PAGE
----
Factor analysis of proton MR spectroscopic imaging data in HIV infection: Metabolite-derived factors help identify infection and dementia

Mona A. Mohamed, Margaret R. Lentz, Vallent Lee, Elkan F. Halpern, Ned Sacktor, Ola Selnes, Peter B. Barker, Martin G. Pomper

Research output: Contribution to journalArticlepeer-review


Purpose: To develop a relevant pathophysiologic model of human immunodeficiency virus (HIV)-associated dementia by studying regional variations in metabolite levels measured with magnetic resonance (MR) spectroscopic imaging and their relationship to immunologic measures and cognitive dysfunction. Materials and Methods: This was a HIPAA-compliant, institutional review board-approved study involving written informed consent. Distributions of N-acetylaspartate (NAA), choline (Cho), and creatine (Cr) concentrations in 94 subjects (20 seronegative controls and 74 HIV-positive subjects; 34 of the HIV-positive subjects having HIV-associated dementia; 63 men, 31 women; mean age, 40 years) were determined with proton (hydrogen 1 [1H]) MR spectroscopic imaging. HIV-positive subjects underwent neuropsychological testing and blood and cerebrospinal fluid (CSF) analysis. Factor analysis was utilized to determine associations between metabolites across regions. Analysis of variance and t tests were used to isolate differences between cohorts. Results: A "Cho factor" differentiated seronegative controls from HIV-infected cohorts, indicating elevated Cho levels across deep gray and white matter regions of HIV-positive individuals. An "NAA factor" differentiated those with dementia from those without and correlated best with psychomotor and executive function tests. A "Cr factor" indicated Cr elevations correlated with CSF monocyte chemoattractant protein-1 levels. NAA and Cr factor scores were strongly weighted to metabolite changes in white matter regions. Conclusion: These results highlight the importance of white matter involvement in HIV-associated dementia and support the current pathogenesis model of glial cell proliferation in HIV infection, denoted by regional Cho elevations, and neuronal dysfunction and/or death, denoted by NAA decreases, associated with dementia. Factor analysis of MR spectroscopic imaging data is a useful method for determining regional metabolic variations in HIV infection and its neuropsychological correlates.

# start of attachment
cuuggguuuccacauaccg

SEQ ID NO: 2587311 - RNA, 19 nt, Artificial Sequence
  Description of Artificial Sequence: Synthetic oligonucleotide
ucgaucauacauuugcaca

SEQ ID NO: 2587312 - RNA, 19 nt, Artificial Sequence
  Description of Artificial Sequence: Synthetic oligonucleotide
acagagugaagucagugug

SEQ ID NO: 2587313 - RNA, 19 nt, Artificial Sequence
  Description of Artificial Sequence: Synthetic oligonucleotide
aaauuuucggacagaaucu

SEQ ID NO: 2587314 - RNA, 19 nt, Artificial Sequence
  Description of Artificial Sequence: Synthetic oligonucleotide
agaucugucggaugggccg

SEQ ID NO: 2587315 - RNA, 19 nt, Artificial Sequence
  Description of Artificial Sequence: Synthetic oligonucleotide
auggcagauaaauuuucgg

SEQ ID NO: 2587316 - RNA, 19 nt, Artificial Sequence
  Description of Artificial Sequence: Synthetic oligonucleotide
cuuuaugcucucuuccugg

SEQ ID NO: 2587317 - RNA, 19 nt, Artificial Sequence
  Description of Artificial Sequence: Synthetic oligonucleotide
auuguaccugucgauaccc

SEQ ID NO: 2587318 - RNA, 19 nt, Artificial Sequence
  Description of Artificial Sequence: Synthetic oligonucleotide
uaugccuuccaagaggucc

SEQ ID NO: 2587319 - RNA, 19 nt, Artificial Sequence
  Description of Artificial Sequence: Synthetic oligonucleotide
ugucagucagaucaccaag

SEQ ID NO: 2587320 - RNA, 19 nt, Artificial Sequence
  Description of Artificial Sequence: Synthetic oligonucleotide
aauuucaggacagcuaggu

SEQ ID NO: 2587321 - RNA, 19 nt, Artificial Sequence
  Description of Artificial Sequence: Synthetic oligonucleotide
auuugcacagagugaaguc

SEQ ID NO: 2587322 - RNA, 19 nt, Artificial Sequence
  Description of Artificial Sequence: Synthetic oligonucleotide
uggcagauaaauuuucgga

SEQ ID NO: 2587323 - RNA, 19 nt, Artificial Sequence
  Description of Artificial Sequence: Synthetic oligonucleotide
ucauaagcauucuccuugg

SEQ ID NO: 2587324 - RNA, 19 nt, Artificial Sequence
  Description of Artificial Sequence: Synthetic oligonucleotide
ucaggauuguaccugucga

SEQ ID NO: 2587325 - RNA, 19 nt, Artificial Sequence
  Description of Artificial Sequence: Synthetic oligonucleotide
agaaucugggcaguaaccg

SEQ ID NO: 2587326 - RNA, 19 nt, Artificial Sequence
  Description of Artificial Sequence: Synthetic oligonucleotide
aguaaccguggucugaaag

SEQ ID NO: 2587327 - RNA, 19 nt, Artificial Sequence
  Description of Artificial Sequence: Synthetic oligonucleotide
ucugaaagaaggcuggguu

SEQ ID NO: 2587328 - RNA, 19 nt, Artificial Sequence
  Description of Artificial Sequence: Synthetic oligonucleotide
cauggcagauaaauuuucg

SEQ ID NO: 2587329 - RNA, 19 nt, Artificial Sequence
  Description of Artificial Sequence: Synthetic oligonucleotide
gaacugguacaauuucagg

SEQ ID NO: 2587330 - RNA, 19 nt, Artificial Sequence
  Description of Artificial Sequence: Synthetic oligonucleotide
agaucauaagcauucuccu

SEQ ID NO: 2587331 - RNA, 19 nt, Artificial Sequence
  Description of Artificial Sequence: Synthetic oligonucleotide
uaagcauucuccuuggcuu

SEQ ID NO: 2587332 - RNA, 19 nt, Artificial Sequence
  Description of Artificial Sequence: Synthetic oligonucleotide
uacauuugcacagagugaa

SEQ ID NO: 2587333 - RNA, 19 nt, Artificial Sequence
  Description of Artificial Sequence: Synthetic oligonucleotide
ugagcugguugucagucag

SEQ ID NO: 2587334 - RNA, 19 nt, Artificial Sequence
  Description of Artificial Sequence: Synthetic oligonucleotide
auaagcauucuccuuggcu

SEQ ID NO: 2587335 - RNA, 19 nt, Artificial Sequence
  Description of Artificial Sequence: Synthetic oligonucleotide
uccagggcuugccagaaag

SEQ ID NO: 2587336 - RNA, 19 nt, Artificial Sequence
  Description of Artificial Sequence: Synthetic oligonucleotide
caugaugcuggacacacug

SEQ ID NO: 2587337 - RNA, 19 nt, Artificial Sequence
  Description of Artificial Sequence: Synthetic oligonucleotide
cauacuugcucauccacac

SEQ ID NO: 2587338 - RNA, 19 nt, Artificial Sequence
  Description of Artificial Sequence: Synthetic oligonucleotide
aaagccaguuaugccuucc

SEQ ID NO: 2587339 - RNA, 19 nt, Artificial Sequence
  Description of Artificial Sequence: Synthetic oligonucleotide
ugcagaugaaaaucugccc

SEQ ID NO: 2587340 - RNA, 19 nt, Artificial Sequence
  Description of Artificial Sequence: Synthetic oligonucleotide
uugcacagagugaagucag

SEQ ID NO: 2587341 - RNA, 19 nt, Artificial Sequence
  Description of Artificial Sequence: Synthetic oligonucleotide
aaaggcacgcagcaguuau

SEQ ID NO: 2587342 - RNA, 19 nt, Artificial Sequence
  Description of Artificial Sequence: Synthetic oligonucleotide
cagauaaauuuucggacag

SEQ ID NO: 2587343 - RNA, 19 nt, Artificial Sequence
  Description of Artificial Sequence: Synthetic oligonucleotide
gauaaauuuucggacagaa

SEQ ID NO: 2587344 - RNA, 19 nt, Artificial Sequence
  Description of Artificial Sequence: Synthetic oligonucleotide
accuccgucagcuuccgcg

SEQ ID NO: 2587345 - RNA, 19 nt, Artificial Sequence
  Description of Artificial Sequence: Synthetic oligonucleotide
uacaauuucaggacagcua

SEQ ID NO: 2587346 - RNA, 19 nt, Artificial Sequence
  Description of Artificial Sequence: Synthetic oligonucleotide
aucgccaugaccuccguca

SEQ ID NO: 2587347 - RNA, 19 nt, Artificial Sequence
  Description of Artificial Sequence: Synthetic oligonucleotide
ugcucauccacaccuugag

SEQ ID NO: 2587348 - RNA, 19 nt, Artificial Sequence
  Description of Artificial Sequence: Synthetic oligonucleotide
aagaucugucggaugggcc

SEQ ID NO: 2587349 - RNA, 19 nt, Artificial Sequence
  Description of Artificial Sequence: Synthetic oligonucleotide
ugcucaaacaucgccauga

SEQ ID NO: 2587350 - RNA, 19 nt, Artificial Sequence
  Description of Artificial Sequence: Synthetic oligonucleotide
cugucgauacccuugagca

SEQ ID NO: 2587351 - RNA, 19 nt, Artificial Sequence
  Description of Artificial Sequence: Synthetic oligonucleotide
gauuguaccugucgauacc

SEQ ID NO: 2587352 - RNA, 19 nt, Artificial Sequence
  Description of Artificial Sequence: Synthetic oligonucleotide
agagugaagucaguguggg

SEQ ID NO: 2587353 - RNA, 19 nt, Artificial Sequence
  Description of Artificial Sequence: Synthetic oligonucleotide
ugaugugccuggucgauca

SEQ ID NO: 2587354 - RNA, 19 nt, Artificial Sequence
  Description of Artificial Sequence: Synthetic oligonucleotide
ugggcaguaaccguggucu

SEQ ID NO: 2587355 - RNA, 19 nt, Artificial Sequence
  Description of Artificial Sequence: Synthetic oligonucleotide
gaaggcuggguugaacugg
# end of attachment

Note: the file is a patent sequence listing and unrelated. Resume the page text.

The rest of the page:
Original languageEnglish (US)
Pages (from-to)577-586
Number of pages10
Issue number2
StatePublished - Feb 2010

ASJC Scopus subject areas

  • Radiology Nuclear Medicine and imaging


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